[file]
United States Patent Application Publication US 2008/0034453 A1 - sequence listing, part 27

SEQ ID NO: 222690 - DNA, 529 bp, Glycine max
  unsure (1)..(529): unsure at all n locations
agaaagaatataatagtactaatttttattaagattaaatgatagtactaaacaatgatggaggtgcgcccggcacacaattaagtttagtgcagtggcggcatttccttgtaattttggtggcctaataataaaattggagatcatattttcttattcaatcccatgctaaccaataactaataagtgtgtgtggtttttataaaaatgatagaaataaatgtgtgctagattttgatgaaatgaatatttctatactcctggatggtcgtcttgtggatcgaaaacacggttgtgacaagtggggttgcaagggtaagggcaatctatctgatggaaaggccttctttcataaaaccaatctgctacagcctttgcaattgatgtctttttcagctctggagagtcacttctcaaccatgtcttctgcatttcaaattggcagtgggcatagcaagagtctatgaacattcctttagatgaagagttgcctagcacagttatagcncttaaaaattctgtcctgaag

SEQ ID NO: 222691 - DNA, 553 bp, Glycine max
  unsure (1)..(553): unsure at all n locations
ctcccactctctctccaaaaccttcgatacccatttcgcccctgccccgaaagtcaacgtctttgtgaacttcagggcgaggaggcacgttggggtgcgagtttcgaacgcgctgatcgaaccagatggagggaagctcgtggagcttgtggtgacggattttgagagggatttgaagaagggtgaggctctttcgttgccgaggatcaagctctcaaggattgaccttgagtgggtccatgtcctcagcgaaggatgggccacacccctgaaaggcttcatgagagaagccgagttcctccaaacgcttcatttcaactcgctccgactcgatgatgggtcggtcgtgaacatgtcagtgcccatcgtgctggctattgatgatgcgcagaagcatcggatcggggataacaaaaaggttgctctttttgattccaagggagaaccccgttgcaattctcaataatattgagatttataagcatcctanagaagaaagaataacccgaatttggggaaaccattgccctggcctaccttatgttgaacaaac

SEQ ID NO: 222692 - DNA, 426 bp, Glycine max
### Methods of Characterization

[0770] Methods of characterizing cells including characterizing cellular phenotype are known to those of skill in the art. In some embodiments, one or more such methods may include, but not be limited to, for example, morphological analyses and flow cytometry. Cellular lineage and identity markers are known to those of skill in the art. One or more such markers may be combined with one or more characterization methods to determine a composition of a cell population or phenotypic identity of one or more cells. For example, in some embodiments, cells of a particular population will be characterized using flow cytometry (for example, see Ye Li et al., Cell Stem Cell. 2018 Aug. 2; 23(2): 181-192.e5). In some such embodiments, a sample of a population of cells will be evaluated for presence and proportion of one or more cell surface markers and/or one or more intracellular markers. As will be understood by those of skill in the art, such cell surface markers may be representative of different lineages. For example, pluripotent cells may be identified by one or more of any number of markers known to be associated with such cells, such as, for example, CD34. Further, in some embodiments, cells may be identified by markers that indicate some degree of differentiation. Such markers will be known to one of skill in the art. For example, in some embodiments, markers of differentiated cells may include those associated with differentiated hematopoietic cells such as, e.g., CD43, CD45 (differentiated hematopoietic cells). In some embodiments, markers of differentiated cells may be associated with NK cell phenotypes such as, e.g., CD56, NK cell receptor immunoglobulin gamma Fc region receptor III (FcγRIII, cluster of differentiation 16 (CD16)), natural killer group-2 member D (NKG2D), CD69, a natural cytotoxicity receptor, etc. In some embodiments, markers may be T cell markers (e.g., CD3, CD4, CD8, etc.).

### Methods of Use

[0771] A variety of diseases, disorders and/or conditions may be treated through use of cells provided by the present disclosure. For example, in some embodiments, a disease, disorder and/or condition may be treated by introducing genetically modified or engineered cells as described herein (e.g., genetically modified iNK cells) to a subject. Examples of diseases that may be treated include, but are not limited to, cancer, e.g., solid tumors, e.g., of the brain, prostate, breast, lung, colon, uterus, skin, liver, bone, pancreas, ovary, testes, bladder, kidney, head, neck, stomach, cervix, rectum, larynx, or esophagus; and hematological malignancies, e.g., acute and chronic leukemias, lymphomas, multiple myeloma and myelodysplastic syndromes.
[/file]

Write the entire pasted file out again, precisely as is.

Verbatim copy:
United States Patent Application Publication US 2008/0034453 A1 - sequence listing, part 27

SEQ ID NO: 222690 - DNA, 529 bp, Glycine max
  unsure (1)..(529): unsure at all n locations
agaaagaatataatagtactaatttttattaagattaaatgatagtactaaacaatgatggaggtgcgcccggcacacaattaagtttagtgcagtggcggcatttccttgtaattttggtggcctaataataaaattggagatcatattttcttattcaatcccatgctaaccaataactaataagtgtgtgtggtttttataaaaatgatagaaataaatgtgtgctagattttgatgaaatgaatatttctatactcctggatggtcgtcttgtggatcgaaaacacggttgtgacaagtggggttgcaagggtaagggcaatctatctgatggaaaggccttctttcataaaaccaatctgctacagcctttgcaattgatgtctttttcagctctggagagtcacttctcaaccatgtcttctgcatttcaaattggcagtgggcatagcaagagtctatgaacattcctttagatgaagagttgcctagcacagttatagcncttaaaaattctgtcctgaag

SEQ ID NO: 222691 - DNA, 553 bp, Glycine max
  unsure (1)..(553): unsure at all n locations
ctcccactctctctccaaaaccttcgatacccatttcgcccctgccccgaaagtcaacgtctttgtgaacttcagggcgaggaggcacgttggggtgcgagtttcgaacgcgctgatcgaaccagatggagggaagctcgtggagcttgtggtgacggattttgagagggatttgaagaagggtgaggctctttcgttgccgaggatcaagctctcaaggattgaccttgagtgggtccatgtcctcagcgaaggatgggccacacccctgaaaggcttcatgagagaagccgagttcctccaaacgcttcatttcaactcgctccgactcgatgatgggtcggtcgtgaacatgtcagtgcccatcgtgctggctattgatgatgcgcagaagcatcggatcggggataacaaaaaggttgctctttttgattccaagggagaaccccgttgcaattctcaataatattgagatttataagcatcctanagaagaaagaataacccgaatttggggaaaccattgccctggcctaccttatgttgaacaaac

SEQ ID NO: 222692 - DNA, 426 bp, Glycine max
### Methods of Characterization

[0770] Methods of characterizing cells including characterizing cellular phenotype are known to those of skill in the art. In some embodiments, one or more such methods may include, but not be limited to, for example, morphological analyses and flow cytometry. Cellular lineage and identity markers are known to those of skill in the art. One or more such markers may be combined with one or more characterization methods to determine a composition of a cell population or phenotypic identity of one or more cells. For example, in some embodiments, cells of a particular population will be characterized using flow cytometry (for example, see Ye Li et al., Cell Stem Cell. 2018 Aug. 2; 23(2): 181-192.e5). In some such embodiments, a sample of a population of cells will be evaluated for presence and proportion of one or more cell surface markers and/or one or more intracellular markers. As will be understood by those of skill in the art, such cell surface markers may be representative of different lineages. For example, pluripotent cells may be identified by one or more of any number of markers known to be associated with such cells, such as, for example, CD34. Further, in some embodiments, cells may be identified by markers that indicate some degree of differentiation. Such markers will be known to one of skill in the art. For example, in some embodiments, markers of differentiated cells may include those associated with differentiated hematopoietic cells such as, e.g., CD43, CD45 (differentiated hematopoietic cells). In some embodiments, markers of differentiated cells may be associated with NK cell phenotypes such as, e.g., CD56, NK cell receptor immunoglobulin gamma Fc region receptor III (FcγRIII, cluster of differentiation 16 (CD16)), natural killer group-2 member D (NKG2D), CD69, a natural cytotoxicity receptor, etc. In some embodiments, markers may be T cell markers (e.g., CD3, CD4, CD8, etc.).

### Methods of Use

[0771] A variety of diseases, disorders and/or conditions may be treated through use of cells provided by the present disclosure. For example, in some embodiments, a disease, disorder and/or condition may be treated by introducing genetically modified or engineered cells as described herein (e.g., genetically modified iNK cells) to a subject. Examples of diseases that may be treated include, but are not limited to, cancer, e.g., solid tumors, e.g., of the brain, prostate, breast, lung, colon, uterus, skin, liver, bone, pancreas, ovary, testes, bladder, kidney, head, neck, stomach, cervix, rectum, larynx, or esophagus; and hematological malignancies, e.g., acute and chronic leukemias, lymphomas, multiple myeloma and myelodysplastic syndromes.